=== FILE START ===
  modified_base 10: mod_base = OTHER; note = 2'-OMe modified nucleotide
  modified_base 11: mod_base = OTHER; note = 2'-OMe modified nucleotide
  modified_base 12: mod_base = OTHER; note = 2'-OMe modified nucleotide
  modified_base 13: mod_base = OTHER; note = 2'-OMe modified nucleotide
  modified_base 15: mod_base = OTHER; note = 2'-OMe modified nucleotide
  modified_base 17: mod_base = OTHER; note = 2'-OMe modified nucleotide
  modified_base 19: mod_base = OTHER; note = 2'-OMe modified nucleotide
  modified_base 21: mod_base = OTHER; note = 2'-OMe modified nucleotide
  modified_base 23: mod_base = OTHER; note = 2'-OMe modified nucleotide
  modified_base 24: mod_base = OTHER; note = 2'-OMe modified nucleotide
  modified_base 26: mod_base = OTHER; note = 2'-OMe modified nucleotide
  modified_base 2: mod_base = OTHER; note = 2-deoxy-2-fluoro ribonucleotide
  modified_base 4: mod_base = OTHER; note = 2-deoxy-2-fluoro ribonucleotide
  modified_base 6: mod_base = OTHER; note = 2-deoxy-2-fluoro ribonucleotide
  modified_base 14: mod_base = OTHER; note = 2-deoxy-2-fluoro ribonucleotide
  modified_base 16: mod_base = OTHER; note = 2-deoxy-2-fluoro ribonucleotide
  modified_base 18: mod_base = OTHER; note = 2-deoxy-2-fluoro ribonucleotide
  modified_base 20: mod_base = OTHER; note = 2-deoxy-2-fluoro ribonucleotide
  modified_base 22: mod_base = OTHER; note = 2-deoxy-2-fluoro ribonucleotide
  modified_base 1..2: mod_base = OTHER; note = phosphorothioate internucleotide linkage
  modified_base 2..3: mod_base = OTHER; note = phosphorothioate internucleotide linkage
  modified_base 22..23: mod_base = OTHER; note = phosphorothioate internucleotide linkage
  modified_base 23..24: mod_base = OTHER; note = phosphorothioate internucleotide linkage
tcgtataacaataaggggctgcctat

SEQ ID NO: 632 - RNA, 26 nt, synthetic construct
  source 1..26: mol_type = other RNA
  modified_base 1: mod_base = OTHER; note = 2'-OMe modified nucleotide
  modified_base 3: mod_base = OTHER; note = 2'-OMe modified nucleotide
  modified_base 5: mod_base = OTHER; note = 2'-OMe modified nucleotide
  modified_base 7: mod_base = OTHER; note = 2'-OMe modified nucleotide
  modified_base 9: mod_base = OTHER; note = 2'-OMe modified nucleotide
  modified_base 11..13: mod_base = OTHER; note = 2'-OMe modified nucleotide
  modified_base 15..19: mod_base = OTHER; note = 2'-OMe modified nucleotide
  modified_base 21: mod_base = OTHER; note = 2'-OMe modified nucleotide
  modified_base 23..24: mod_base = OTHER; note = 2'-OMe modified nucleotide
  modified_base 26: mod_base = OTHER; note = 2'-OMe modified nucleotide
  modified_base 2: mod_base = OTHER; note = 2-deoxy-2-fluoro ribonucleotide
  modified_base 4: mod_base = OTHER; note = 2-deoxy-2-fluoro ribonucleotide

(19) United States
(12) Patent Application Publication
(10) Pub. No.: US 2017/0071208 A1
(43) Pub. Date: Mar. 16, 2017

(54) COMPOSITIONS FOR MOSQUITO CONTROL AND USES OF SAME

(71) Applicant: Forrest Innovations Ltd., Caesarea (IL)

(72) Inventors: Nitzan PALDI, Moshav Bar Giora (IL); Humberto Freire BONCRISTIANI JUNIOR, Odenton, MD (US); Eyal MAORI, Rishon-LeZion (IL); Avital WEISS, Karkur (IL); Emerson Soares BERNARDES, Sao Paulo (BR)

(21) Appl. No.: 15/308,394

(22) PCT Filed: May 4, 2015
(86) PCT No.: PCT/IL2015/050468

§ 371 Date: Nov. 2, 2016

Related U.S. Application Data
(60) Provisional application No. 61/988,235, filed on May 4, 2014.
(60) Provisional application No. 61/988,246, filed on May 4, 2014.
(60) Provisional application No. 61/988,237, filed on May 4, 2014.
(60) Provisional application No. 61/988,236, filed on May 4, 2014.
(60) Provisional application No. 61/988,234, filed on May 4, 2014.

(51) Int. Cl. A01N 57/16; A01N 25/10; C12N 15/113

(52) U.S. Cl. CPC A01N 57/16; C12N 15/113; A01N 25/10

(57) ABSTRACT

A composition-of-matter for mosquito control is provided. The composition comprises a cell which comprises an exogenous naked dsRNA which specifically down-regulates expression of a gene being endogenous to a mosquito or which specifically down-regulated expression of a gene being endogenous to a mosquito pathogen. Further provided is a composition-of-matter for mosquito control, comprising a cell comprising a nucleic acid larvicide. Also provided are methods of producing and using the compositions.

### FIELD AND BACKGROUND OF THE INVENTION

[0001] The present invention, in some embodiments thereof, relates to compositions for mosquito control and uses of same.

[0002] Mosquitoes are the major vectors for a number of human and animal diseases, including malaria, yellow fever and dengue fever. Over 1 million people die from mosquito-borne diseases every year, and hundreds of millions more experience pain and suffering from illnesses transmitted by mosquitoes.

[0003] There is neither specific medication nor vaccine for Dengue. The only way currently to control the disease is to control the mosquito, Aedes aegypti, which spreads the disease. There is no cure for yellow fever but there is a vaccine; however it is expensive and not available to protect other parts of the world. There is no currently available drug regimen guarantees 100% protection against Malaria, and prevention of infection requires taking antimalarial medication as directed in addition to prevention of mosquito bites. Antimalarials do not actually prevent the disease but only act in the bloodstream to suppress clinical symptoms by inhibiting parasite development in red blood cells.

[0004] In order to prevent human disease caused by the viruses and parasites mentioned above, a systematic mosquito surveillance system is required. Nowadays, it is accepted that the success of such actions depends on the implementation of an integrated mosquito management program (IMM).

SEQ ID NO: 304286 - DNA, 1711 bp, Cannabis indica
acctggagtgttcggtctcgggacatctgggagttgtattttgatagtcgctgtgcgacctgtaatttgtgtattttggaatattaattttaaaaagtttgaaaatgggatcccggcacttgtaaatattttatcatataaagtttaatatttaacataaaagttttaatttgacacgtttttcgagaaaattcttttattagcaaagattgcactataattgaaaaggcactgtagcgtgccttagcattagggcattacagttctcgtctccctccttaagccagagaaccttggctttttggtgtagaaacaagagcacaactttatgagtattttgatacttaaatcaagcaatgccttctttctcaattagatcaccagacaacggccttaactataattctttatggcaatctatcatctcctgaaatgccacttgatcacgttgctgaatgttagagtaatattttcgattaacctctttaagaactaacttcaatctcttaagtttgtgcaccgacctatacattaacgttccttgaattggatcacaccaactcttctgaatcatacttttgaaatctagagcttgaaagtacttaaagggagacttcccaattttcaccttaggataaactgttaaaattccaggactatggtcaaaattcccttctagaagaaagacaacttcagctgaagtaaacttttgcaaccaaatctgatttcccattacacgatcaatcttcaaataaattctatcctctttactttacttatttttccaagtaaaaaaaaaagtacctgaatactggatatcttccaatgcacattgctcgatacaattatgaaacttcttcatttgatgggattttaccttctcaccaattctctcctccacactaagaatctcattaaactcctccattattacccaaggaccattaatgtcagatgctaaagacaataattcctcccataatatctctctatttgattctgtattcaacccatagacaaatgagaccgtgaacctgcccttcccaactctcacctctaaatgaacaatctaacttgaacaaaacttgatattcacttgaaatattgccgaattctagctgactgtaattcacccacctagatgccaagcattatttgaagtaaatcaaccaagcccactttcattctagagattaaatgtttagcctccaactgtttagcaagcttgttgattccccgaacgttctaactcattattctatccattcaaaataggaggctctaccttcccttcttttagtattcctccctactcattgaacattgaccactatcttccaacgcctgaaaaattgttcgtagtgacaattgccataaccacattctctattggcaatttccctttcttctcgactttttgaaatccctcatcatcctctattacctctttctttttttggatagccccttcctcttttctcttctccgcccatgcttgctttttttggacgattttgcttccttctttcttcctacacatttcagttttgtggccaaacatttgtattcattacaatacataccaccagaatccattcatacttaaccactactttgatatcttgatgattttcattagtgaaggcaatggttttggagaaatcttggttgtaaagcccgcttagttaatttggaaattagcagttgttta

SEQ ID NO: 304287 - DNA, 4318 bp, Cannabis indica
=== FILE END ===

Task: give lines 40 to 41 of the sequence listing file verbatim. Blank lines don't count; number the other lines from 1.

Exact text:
(12) Patent Application Publication
(10) Pub. No.: US 2017/0071208 A1